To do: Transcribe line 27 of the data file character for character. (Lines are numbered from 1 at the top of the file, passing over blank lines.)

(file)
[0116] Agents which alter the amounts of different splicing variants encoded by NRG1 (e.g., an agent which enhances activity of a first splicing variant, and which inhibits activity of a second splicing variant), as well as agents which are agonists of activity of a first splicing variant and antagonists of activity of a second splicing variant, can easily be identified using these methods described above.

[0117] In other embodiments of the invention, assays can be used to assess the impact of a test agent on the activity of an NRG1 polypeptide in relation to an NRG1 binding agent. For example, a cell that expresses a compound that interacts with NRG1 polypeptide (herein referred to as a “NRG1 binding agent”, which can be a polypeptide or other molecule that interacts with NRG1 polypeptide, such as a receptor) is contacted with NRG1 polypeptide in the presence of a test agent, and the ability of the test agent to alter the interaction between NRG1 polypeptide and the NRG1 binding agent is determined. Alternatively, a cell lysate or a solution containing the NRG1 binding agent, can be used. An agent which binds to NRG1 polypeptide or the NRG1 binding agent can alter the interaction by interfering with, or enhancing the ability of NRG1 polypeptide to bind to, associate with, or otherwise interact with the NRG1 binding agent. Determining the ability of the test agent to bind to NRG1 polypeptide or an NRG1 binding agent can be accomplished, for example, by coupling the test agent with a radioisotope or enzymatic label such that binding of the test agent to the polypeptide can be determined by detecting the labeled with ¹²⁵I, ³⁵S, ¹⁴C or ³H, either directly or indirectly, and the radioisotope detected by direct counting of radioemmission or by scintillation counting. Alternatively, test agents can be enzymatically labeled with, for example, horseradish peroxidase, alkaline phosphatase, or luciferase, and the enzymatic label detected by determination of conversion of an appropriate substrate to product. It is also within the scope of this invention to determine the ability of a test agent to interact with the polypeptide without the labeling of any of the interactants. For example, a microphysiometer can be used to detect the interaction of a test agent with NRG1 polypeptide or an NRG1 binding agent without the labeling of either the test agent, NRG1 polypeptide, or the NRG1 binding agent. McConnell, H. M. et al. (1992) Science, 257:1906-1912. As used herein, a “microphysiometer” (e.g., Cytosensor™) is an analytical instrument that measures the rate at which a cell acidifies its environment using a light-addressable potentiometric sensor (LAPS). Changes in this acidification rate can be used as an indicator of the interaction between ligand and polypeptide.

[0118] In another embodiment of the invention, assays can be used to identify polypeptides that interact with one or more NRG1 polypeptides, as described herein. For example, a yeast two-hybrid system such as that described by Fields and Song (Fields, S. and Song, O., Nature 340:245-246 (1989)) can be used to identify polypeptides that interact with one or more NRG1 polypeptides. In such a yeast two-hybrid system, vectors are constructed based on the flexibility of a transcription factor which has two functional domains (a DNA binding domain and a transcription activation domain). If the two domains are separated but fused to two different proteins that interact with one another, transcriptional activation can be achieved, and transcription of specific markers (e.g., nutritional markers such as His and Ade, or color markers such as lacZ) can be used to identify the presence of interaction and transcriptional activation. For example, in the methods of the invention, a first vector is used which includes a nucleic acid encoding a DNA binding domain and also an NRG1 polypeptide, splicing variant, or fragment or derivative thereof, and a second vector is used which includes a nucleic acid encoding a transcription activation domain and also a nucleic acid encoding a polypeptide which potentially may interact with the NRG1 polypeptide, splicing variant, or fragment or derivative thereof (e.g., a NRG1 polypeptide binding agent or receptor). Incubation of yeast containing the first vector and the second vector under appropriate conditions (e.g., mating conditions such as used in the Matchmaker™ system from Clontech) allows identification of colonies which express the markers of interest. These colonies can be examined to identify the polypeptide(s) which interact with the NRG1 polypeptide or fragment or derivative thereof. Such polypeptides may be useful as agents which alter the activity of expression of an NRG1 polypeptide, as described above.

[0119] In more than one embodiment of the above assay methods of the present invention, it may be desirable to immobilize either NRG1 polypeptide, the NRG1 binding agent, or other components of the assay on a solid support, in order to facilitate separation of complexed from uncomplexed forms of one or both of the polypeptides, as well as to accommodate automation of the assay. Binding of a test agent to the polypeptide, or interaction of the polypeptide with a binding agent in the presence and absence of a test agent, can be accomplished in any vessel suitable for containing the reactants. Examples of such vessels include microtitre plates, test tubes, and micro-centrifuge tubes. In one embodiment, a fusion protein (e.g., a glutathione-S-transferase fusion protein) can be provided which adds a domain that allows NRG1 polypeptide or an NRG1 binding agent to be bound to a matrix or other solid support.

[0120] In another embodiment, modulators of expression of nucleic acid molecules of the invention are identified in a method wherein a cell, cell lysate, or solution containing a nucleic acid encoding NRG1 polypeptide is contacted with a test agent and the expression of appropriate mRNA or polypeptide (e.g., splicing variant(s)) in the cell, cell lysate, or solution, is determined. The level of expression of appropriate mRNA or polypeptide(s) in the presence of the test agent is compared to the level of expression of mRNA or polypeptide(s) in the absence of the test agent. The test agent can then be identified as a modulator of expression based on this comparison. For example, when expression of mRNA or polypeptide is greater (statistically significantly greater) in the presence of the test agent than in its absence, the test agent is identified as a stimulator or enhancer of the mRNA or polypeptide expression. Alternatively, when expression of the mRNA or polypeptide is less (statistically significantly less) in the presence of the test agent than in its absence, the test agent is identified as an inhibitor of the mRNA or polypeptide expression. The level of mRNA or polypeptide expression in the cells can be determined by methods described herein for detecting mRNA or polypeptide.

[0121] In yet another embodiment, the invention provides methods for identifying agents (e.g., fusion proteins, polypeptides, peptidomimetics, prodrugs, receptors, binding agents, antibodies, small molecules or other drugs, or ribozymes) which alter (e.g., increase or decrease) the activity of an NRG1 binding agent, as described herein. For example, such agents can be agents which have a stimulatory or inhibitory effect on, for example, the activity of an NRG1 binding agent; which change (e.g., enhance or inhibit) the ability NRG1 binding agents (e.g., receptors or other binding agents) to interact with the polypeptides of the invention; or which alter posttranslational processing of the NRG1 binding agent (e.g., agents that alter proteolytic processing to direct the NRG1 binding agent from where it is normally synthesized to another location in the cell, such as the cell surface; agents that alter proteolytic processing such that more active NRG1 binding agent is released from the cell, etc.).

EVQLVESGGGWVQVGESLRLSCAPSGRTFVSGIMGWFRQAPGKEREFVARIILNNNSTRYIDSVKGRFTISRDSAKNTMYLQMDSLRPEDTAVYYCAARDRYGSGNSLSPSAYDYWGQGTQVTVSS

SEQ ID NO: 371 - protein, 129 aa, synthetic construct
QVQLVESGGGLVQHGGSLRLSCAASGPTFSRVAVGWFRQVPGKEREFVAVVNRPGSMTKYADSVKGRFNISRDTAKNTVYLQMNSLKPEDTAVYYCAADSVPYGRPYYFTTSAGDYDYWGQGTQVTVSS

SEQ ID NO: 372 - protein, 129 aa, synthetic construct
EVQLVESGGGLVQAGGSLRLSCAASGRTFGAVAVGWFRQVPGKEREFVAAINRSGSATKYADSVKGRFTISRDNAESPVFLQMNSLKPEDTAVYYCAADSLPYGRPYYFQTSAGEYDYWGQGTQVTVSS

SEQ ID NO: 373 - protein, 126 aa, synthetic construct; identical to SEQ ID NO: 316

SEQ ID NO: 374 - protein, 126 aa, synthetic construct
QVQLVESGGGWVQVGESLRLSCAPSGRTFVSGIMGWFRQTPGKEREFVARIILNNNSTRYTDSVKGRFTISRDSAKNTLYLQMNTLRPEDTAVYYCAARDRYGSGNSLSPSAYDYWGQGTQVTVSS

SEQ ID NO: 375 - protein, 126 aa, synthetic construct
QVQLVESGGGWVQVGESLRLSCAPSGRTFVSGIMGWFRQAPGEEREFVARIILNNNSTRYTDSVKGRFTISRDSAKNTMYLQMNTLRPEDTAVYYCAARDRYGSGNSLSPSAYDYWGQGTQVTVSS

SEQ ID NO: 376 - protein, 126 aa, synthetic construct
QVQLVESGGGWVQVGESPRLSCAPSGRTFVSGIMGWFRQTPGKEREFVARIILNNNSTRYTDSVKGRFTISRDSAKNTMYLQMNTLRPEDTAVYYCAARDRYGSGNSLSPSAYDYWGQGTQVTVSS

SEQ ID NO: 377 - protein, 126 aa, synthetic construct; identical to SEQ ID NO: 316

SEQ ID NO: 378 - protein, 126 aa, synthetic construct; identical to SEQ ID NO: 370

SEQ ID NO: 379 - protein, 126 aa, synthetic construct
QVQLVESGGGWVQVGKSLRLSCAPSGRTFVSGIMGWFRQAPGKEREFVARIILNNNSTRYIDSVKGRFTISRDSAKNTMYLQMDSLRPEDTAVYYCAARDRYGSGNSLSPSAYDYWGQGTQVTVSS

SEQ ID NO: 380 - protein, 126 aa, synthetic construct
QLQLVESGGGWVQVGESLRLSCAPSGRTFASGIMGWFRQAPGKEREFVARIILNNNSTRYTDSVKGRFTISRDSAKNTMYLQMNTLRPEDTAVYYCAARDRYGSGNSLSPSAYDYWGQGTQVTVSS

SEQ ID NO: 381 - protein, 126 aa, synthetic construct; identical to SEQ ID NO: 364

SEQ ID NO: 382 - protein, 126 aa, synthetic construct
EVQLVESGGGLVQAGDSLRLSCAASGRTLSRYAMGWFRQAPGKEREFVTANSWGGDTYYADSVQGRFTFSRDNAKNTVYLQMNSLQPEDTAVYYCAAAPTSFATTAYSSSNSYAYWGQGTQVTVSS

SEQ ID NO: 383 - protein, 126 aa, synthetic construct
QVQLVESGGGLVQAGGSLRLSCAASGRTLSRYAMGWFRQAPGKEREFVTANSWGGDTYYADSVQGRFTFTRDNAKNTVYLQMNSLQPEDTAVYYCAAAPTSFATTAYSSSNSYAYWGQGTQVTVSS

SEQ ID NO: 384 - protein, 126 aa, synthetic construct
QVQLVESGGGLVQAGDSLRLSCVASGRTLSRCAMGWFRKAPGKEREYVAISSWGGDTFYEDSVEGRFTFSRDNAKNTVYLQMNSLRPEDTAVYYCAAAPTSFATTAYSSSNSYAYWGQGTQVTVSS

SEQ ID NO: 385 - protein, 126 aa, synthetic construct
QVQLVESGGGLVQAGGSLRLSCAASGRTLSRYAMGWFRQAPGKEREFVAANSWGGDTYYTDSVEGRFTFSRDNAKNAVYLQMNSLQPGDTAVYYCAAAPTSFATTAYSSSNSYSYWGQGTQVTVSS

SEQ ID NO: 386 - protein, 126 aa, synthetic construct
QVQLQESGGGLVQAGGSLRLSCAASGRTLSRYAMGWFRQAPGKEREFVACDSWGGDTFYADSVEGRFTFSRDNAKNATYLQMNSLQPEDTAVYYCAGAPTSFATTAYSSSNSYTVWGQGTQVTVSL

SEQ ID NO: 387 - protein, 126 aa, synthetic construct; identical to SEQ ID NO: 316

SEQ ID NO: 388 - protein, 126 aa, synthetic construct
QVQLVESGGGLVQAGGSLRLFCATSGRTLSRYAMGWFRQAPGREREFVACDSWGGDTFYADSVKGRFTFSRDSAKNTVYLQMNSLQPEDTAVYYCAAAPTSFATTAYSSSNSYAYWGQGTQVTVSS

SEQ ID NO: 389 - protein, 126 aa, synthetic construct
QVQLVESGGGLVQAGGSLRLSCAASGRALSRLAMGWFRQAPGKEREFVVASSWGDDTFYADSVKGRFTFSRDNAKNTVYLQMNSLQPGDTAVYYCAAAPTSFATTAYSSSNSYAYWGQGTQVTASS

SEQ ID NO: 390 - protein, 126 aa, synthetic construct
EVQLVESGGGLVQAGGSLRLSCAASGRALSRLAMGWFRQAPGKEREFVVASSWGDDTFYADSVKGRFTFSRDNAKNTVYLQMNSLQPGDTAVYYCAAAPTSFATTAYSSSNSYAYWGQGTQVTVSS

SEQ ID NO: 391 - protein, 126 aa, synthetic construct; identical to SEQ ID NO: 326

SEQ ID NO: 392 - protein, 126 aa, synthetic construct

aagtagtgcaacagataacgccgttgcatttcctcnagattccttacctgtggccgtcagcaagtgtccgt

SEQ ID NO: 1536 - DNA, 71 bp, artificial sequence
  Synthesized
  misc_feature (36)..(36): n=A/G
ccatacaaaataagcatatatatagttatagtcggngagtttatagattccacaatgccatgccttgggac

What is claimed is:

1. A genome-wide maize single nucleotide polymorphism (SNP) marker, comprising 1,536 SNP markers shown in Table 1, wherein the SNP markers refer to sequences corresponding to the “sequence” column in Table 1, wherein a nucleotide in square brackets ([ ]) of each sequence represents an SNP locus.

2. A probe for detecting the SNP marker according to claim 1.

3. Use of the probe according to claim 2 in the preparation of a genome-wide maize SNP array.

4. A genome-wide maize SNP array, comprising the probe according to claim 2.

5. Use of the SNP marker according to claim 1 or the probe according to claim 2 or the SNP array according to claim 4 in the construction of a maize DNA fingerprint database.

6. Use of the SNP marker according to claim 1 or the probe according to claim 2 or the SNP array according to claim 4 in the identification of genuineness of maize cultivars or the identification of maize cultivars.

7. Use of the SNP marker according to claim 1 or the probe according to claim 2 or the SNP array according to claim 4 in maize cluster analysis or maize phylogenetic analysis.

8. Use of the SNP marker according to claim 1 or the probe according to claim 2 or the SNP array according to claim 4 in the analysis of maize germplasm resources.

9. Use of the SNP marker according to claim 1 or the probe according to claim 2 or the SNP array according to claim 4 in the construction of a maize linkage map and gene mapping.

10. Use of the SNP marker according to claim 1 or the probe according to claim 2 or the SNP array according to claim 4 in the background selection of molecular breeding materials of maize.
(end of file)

EVQLVESGGGLVQAGDSLRLSCAASGRTLSRYAMGWFRQAPGKEREFVTANSWGGDTYYADSVQGRFTFSRDNAKNTVYLQMNSLQPEDTAVYYCAAAPTSFATTAYSSSNSYAYWGQGTQVTVSS